• Though I would always advocate for a book if you really want to dive deep and grow with your cooking, you can find these recipes online.  So, if you want to make the biscotti, for instance, but don’t want to spend money on the book, no problem!    

Is this food delicious? 

Yes, of course.  This lady did not get where she is making subpar food.  Ina’s recipes might not always be the lowest in calories (lookin’ at you, Apple pie bars), but they are delicious.   

Is it Family Friendly?

Yes!  Most of these dishes have pretty mild flavors, and even if your kids are picky, you can still find things for them.  There are also a lot of recipes that kids can help make if you’re in a chaotic good kind of mood.     

Tone of the Book 

It’s is focused on cooking as a way to bring people together.  It’s about making things easy, so you can enjoy yourself and chat before dinner.  It also just tells fun stories from Ina’s life.  Isn’t this fabulous, as Ina might say.  

Design 

So functional.  Most of the time, the recipes are on one spread, so not too much flipping back and forth.  The layout of this book is great—the font is big; the headnotes are short but informative; various tips, including how to make elements of a dish ahead of time are found in a bright colored font on the side of the page. The design makes it really easy to find your place in a recipe while cooking.   

Is there practical advice for home cooks?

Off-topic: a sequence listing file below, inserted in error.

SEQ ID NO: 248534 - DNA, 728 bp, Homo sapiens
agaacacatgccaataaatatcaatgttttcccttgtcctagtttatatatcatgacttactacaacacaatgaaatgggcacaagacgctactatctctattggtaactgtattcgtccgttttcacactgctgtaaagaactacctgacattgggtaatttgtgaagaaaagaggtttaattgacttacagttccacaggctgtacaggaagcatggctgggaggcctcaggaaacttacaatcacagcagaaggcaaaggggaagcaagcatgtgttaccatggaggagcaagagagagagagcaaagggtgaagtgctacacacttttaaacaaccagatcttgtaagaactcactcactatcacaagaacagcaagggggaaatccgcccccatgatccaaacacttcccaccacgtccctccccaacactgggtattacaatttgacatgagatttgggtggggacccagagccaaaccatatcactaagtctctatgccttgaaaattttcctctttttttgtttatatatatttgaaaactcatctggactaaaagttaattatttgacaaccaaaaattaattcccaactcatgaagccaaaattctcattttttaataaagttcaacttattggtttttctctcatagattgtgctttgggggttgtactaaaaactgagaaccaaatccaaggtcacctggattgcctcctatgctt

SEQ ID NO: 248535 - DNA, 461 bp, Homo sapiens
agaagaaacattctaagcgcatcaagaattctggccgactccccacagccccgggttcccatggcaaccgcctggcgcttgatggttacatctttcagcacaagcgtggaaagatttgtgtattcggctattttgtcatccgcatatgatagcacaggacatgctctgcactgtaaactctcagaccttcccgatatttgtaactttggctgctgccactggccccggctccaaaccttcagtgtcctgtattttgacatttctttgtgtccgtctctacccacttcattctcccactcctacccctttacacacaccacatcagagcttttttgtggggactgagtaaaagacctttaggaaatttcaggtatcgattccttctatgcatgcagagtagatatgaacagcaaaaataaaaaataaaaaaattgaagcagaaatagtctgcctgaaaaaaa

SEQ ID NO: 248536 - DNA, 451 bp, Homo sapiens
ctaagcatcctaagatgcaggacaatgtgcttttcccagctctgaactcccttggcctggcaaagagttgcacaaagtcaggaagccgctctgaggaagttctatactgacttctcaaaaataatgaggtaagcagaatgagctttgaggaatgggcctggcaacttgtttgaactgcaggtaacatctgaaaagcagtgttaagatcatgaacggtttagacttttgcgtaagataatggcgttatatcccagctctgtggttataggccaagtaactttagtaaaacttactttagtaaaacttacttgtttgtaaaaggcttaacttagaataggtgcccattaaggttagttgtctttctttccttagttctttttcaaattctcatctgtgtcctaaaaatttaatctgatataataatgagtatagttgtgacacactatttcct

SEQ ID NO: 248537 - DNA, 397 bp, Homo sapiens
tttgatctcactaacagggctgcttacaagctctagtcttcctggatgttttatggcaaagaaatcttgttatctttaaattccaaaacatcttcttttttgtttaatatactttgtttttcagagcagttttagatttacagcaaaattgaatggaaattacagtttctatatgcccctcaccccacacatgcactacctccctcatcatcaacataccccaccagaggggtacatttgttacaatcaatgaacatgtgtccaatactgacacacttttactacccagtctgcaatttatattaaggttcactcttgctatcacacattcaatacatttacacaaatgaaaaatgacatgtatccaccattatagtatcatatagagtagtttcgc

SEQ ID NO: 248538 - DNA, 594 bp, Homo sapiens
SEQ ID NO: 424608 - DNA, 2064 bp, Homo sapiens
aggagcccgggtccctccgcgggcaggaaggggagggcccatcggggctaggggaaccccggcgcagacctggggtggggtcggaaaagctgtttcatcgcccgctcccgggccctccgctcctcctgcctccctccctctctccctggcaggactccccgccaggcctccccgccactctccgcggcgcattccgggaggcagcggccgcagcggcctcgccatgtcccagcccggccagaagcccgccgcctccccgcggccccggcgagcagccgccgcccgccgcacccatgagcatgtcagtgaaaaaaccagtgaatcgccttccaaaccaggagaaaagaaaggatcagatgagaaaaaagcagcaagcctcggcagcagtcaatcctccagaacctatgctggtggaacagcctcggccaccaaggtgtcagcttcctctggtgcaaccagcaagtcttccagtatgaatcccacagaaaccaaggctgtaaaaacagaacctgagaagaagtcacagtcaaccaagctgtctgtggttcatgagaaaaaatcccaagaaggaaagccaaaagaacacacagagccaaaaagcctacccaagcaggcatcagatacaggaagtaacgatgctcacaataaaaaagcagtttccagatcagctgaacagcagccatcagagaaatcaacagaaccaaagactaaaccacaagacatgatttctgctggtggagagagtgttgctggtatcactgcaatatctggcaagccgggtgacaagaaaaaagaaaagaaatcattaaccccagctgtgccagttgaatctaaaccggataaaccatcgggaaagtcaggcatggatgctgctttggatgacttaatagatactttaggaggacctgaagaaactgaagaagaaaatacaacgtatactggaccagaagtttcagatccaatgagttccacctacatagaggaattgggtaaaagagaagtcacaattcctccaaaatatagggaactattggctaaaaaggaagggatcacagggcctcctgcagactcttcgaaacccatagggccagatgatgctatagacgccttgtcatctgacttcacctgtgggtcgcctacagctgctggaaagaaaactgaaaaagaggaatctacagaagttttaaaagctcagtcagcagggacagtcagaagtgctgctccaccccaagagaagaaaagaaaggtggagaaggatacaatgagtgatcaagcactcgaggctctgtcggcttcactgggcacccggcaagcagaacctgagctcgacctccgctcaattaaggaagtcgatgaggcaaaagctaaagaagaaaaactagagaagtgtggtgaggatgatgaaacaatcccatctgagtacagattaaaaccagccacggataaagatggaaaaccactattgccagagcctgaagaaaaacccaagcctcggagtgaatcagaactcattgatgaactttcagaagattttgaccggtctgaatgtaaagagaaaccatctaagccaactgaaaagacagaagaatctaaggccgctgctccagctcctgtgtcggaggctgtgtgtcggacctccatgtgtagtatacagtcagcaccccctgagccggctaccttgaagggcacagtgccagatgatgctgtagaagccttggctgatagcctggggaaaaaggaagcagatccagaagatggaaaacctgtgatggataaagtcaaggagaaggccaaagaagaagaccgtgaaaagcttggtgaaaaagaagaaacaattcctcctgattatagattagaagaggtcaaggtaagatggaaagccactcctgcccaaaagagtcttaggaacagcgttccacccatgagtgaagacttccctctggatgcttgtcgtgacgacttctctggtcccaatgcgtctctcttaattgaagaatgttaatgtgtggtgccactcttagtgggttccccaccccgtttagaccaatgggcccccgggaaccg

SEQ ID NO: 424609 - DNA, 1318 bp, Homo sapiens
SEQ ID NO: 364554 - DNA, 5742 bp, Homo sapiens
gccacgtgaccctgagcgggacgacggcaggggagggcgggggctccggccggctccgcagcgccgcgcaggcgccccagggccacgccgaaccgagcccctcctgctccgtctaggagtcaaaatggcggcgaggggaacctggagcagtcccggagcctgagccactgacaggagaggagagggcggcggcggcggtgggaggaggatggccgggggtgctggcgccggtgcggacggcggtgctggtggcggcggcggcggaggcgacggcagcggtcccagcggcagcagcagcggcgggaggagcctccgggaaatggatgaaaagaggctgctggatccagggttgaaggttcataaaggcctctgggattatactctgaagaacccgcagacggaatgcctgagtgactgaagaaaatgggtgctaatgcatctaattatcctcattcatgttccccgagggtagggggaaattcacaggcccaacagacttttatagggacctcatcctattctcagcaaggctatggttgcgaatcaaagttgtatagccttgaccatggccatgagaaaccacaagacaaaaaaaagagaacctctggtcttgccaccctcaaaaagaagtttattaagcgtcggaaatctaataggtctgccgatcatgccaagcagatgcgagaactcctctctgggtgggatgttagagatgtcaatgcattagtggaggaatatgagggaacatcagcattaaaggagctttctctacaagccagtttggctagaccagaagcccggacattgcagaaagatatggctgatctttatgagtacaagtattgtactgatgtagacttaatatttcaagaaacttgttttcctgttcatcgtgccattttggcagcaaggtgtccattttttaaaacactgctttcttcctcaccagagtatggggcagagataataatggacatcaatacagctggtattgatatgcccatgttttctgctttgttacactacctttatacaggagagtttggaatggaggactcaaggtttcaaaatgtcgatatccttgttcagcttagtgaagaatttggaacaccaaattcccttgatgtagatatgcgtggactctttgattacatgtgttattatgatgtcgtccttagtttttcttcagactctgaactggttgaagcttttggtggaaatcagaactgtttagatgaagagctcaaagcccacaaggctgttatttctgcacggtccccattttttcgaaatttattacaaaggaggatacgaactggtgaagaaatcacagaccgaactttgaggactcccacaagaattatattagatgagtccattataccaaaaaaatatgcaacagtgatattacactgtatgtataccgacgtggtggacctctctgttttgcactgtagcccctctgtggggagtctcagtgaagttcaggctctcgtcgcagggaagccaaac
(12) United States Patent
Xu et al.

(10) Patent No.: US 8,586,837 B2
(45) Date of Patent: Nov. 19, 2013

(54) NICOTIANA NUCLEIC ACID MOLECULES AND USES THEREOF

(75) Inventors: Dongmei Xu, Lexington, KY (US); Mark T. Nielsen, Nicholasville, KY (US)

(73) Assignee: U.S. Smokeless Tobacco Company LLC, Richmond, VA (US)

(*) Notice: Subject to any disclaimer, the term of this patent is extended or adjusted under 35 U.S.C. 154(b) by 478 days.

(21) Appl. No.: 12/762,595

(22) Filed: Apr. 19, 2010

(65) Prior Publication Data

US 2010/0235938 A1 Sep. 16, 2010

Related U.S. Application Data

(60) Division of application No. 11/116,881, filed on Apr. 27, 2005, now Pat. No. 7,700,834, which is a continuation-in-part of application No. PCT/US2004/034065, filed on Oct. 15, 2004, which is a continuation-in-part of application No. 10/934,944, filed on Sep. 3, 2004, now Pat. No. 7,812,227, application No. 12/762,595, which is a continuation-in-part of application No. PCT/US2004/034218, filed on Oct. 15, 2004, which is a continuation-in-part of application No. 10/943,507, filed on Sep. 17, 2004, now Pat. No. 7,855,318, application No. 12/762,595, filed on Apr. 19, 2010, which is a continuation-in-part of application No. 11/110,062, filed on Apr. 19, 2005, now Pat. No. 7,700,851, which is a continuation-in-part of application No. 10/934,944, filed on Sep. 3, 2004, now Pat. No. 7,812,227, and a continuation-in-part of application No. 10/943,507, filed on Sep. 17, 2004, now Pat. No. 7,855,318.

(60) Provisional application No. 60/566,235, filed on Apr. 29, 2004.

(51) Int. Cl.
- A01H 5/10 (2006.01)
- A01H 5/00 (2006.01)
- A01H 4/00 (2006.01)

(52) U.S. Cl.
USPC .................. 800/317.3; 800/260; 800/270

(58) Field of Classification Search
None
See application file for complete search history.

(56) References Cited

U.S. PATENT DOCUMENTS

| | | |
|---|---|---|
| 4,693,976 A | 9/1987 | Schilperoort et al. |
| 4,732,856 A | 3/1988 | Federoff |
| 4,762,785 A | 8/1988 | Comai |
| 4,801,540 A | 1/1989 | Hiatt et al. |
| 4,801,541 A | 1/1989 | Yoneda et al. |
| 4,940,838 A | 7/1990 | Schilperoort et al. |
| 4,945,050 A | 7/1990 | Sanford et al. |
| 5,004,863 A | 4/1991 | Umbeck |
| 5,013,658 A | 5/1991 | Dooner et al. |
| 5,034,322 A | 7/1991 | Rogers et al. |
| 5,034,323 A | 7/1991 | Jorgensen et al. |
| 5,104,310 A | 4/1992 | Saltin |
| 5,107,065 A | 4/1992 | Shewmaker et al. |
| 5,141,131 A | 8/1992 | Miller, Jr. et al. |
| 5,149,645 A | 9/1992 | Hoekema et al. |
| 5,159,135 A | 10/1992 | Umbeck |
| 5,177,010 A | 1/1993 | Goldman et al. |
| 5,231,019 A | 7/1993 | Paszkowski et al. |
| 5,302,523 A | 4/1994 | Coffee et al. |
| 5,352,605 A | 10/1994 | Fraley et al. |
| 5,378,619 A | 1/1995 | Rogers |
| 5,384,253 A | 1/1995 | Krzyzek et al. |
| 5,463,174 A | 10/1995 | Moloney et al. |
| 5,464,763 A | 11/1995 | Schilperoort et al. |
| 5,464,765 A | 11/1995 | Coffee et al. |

This question seems ridiculous for an Ina Garten book.  Of course, yes!  The whole thing is advice for home cooks!  The focus on making recipes ahead of time is especially useful.    

Healthiness of recipes/ adaptability to dietary needs

There are a lot of vegetables, but it’s not focused on health in particular.  Ina does not shy away from cream or butter, that’s for sure.  I wouldn’t recommend this book to a vegetarian, nor to anyone on a gluten free, low calorie, or other special diet.  

Who wants this book?  Is it a good gift?  

It’s great if you like a simple, upscale bistro type meal.  I see this being most useful for someone who cooks either for a family or family of friends on the regular, or frequently invites guests over for meals.   

TLDR: Cooking for Jeffrey by Ina Garten is one of Ina’s many highly useful and easy to use cookbooks.  The recipes make delicious food and they’re not complicated, though some of the ingredients are expensive.  In my opinion, every good cookbook collection needs at least one of Ina’s books, and this is a very nice choice.    

Find Cooking for Jeffrey, published in the U.S. by Clarkson Potter Publishers, an imprint of Crown Publishing Group, a division of Penguin Random House (whew!  A winding path we’re on), wherever you buy books, or order it from Amazon!    

If you love this book and want MORE Ina Garten in your life, here are a couple of her other books to check out: